Meantime Oswald went obliviously on with his life until a local newscast prompted him to reflect. He remembered the lottery ticket on his dresser. He checked the number and realized he had the winning ticket.
His first thought was: “Now I can meet her.” Now he could meet the love of his life—the woman in the department store poster. His second thought was: “I want her to like me for myself, and not because I just won a million dollars in the lottery.”
The next day Oswald quit his job, cashed in his savings account and flew to New York City. He had no luck at the model agencies.
Page 3 “Against All Odds”
Nerdy in appearance and speech, Oswald often didn’t even get past the front desk at most agencies. Then a receptionist–who was kind of nerdy-looking herself–took pity on him. She asked him some questions and looked at the photo on his cell phone.
“I’ll help you find her,” she said.
It was a difficult job. There are almost as many model agencies in New York as there are pizza joints. After a couple of days of fruitless searching Fran—the receptionist—asked Oswald if he had seen much of New York.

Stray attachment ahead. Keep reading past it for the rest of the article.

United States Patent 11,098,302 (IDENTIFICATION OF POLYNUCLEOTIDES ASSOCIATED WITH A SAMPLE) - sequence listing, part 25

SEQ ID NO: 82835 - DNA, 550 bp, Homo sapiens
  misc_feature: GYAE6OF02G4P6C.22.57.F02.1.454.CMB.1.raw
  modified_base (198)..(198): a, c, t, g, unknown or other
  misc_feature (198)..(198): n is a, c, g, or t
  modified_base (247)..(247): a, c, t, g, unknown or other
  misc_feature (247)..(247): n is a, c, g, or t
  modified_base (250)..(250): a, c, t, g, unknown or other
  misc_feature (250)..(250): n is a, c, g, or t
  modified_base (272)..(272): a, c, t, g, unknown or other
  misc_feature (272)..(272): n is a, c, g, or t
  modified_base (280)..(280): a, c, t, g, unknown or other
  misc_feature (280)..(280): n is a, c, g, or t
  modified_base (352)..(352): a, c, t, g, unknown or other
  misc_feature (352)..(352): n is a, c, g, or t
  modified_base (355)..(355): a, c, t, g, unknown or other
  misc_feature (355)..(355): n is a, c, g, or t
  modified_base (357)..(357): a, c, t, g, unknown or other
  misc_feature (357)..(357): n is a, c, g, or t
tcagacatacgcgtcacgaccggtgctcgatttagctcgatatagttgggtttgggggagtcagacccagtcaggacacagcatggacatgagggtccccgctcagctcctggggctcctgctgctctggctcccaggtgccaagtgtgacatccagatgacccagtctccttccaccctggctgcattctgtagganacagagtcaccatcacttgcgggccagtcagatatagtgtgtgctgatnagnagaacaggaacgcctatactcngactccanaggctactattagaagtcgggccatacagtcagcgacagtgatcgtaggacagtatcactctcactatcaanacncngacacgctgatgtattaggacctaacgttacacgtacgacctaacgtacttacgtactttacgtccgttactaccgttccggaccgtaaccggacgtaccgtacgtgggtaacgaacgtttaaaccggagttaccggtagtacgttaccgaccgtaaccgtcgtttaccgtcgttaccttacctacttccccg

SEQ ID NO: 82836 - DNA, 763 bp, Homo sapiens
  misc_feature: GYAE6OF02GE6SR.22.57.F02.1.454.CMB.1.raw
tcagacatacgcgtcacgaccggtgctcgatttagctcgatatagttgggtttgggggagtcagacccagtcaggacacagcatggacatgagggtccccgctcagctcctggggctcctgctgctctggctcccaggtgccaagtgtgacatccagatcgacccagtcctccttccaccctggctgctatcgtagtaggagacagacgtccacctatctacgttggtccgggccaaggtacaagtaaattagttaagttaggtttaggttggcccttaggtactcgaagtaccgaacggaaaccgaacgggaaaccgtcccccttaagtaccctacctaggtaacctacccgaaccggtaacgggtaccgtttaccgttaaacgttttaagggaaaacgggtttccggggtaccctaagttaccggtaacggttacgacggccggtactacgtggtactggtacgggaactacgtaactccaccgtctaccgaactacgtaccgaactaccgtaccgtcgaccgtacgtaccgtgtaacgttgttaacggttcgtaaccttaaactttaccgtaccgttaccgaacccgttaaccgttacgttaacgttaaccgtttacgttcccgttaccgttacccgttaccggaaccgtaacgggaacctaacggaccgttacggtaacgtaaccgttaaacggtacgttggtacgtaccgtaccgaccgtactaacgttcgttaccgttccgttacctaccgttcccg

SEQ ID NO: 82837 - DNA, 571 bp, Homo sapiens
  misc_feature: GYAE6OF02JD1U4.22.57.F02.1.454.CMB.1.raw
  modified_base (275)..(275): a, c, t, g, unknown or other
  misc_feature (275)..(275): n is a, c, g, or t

“Nothing,” he replied.
“Why don’t we take the afternoon off? I’d be happy to show you around. We can start fresh tomorrow morning.”
Oswald agreed reluctantly, but by midafternoon he was having such a good time he almost forgot he had come to New York to find the poster model. The next morning he showed up at Fran’s desk with a box of chocolates and a bouquet of flowers.
“Let’s see some more sights,” he said.
“I can’t,” said Fran. “I don’t have any vacation days.”
“Then quit your job. I won a million dollars in the lottery. I love you and I want to marry you.” He showed her the winning ticket.
“What about the model, the one in the poster?”
“She can be a bridesmaid,” said Oswald.
And she was.

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-Dr. Larry day is a retired J-School professor turned humor writer. His book, Day Dreaming: Tales From the Fourth Dementia is available for purchase via his website: http://www.daydreaming.co

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“Kaybe and the Six Million Dollar Project©”